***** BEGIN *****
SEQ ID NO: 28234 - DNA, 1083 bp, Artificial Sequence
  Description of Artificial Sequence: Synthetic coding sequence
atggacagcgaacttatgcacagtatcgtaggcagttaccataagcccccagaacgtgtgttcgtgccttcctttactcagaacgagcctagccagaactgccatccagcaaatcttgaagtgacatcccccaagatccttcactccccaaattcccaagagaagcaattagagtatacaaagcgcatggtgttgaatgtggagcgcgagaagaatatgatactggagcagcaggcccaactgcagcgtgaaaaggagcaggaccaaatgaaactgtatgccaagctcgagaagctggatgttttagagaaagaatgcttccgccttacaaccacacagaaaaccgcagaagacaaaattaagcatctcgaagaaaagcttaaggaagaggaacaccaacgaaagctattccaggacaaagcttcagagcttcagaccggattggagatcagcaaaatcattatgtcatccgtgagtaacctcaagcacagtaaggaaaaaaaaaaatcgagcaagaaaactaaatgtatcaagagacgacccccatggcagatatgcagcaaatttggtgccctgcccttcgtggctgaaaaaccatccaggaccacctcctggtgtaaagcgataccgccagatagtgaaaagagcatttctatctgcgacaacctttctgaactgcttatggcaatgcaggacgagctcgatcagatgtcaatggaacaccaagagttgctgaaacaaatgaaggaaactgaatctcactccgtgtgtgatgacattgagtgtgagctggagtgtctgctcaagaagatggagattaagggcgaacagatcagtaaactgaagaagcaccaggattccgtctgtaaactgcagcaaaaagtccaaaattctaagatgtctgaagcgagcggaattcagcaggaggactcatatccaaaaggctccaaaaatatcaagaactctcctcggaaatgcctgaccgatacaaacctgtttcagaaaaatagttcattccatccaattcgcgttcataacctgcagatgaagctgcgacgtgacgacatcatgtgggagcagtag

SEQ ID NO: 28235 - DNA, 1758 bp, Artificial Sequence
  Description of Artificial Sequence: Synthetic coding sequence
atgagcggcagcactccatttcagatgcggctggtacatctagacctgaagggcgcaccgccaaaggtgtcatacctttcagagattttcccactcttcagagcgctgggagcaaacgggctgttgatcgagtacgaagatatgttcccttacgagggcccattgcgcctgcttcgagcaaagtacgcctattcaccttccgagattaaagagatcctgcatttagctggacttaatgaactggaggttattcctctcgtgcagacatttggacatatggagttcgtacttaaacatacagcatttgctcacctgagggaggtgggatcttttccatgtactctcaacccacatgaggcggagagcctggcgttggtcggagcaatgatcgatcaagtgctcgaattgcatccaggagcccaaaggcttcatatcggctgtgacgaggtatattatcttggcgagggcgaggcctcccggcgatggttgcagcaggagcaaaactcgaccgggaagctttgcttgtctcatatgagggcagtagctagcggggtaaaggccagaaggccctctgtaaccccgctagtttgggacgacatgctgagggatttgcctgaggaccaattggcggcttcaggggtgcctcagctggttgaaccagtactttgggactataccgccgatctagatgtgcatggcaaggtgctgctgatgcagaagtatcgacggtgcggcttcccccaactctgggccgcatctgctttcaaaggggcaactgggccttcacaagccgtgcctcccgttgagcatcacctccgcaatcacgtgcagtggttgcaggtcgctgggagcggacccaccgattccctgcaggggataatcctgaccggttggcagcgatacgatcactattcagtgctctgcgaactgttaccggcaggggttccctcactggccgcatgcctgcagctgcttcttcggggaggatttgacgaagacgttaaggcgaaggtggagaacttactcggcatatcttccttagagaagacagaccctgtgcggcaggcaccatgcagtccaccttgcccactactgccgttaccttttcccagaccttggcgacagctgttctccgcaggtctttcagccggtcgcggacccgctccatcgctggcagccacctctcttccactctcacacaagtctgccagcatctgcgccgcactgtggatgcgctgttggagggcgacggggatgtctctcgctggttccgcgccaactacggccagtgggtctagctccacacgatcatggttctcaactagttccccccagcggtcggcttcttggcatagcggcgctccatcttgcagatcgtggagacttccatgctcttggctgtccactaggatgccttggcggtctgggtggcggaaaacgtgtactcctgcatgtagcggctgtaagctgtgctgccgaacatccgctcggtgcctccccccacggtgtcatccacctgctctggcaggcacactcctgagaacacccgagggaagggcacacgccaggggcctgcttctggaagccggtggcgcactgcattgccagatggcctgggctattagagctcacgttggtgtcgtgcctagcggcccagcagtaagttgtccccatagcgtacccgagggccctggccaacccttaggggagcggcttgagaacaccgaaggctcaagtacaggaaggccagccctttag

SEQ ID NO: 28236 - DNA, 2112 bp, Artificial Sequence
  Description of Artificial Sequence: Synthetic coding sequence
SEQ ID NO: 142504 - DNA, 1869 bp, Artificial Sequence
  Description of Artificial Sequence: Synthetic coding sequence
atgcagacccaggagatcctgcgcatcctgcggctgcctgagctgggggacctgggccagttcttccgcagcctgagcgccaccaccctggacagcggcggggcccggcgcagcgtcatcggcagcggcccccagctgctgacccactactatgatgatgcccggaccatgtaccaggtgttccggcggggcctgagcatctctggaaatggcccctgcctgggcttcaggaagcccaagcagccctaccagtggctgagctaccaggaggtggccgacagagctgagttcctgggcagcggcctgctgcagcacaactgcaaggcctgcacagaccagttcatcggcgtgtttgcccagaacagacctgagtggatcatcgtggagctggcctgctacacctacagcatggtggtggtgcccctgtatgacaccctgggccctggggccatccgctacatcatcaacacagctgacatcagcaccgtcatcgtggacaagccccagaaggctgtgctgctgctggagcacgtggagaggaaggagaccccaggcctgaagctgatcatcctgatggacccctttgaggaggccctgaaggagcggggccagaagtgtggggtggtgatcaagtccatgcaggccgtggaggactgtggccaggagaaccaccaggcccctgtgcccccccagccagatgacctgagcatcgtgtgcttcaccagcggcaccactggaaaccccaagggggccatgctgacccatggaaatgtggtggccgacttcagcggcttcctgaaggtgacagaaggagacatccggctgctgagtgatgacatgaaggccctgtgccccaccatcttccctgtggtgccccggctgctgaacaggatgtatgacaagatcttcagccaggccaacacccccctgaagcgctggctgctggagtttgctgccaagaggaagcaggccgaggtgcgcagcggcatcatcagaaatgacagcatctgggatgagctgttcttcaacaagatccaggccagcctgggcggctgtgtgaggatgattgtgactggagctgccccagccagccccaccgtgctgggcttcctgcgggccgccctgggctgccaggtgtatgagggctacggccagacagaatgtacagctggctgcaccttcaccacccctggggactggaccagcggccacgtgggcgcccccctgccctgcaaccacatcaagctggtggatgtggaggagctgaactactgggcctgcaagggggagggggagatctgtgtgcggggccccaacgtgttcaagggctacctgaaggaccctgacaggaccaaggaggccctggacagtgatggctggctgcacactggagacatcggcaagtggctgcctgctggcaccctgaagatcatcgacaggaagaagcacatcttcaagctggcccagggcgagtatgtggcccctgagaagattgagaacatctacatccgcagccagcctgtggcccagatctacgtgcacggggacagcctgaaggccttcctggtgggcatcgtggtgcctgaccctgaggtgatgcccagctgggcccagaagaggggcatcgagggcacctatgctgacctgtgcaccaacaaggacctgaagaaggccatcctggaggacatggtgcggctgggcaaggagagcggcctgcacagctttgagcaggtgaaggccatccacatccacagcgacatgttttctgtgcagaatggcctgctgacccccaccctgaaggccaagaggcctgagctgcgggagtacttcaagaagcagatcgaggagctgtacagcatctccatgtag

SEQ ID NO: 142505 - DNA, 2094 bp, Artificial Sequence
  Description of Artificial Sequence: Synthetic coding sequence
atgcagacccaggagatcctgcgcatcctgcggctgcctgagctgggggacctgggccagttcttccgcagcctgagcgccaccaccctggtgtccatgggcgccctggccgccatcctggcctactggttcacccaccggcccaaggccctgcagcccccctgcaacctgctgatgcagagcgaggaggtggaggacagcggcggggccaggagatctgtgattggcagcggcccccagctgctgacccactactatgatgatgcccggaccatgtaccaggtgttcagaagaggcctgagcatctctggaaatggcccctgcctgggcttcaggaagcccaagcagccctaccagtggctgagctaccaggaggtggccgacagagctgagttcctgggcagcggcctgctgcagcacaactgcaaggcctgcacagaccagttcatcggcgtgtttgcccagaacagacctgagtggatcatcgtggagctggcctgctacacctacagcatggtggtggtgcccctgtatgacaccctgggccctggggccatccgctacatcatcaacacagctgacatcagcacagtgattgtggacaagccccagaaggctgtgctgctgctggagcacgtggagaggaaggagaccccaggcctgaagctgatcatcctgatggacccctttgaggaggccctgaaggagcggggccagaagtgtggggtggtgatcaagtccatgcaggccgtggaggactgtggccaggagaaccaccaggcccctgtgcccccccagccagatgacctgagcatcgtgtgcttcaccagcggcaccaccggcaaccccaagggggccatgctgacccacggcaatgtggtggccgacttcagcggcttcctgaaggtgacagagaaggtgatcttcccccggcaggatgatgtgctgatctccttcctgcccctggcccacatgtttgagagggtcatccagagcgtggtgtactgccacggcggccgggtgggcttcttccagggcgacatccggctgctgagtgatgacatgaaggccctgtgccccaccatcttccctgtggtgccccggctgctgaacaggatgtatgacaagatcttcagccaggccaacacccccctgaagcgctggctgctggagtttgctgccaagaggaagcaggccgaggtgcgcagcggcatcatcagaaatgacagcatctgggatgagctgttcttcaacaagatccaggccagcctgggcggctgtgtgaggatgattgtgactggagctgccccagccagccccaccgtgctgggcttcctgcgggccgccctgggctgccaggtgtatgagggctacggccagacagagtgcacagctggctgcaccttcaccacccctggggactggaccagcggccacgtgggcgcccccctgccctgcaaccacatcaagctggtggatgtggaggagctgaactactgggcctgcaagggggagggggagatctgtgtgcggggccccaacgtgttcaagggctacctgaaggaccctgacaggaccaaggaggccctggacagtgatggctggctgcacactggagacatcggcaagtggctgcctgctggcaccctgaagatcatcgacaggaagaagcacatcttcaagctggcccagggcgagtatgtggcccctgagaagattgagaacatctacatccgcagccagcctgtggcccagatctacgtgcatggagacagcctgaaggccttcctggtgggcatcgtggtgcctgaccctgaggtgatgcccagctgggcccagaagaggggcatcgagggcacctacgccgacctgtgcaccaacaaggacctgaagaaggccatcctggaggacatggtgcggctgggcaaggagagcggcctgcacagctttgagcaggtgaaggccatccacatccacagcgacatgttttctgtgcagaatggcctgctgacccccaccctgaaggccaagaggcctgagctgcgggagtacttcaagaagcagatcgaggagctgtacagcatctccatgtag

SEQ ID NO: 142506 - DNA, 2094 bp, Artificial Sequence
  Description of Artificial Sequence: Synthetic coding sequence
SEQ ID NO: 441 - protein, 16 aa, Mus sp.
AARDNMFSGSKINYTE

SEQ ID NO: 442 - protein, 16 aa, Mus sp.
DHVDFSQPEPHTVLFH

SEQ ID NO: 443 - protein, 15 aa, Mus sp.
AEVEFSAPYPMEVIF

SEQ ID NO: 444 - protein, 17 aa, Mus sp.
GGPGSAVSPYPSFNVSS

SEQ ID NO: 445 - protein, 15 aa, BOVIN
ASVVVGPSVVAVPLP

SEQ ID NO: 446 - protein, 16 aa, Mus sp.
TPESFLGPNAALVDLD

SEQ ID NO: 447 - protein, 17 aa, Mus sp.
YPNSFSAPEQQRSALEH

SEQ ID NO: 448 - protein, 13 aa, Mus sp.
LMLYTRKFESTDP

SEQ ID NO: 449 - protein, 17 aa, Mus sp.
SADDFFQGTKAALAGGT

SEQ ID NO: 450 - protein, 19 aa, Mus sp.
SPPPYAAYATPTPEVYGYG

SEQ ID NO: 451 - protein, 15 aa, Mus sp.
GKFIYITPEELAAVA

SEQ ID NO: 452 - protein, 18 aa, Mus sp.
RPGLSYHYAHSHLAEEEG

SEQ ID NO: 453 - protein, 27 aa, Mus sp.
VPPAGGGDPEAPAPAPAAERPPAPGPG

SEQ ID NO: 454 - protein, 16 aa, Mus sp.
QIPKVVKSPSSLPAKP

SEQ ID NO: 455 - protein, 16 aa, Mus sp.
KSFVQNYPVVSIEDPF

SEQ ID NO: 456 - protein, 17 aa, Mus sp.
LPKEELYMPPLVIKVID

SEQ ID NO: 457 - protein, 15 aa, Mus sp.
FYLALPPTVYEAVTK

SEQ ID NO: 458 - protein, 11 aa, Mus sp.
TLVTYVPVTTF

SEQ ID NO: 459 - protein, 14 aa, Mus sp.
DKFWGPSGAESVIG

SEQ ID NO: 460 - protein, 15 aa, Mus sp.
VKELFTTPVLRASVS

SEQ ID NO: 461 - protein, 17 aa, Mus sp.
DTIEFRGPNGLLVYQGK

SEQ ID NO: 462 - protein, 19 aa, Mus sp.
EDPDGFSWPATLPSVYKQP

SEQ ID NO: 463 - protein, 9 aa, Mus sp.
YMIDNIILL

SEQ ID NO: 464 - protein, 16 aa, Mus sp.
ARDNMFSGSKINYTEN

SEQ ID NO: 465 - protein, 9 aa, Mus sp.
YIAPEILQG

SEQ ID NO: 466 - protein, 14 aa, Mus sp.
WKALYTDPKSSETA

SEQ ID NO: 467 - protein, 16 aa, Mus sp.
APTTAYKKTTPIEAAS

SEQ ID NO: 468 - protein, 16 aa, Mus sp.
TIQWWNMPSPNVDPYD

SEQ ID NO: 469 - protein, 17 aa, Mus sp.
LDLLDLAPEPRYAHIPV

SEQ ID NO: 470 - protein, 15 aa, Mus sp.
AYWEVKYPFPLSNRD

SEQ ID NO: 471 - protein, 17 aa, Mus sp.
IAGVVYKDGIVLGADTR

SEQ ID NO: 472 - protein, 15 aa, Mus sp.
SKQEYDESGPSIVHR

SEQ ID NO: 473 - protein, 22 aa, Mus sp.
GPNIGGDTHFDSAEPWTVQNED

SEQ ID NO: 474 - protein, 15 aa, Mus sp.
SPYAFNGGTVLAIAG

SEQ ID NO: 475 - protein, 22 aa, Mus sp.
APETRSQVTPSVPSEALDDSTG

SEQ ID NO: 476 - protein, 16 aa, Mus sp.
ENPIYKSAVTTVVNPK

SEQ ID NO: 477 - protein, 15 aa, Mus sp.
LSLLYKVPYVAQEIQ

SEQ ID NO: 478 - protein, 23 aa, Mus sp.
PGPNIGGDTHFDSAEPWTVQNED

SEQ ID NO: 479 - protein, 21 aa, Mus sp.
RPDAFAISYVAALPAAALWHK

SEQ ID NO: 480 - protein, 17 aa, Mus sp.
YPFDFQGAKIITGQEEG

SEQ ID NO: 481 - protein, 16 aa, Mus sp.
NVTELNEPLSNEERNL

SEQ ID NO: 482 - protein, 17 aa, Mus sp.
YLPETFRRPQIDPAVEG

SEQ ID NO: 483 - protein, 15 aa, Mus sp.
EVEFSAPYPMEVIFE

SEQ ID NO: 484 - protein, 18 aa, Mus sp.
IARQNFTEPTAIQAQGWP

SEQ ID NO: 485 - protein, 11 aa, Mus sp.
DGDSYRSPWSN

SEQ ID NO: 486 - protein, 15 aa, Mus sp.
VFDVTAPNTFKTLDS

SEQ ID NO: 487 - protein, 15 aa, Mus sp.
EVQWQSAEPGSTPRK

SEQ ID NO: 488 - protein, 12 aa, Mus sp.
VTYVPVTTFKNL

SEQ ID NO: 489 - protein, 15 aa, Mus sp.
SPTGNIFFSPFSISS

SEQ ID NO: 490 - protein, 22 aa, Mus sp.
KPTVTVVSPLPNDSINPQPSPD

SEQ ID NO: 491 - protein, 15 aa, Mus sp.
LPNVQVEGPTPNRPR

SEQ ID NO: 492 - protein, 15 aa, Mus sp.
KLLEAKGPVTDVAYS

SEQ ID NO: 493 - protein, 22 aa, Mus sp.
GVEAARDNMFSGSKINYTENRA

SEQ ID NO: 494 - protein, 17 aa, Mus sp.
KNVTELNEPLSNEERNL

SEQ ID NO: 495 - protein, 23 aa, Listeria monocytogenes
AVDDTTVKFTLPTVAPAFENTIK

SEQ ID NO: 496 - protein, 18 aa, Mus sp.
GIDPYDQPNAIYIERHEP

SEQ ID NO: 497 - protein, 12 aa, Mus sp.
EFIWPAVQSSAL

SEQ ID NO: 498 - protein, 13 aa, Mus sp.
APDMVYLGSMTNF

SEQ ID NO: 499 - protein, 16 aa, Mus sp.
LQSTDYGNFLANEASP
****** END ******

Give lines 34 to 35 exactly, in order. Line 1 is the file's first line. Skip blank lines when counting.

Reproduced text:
SADDFFQGTKAALAGGT

SEQ ID NO: 450 - protein, 19 aa, Mus sp.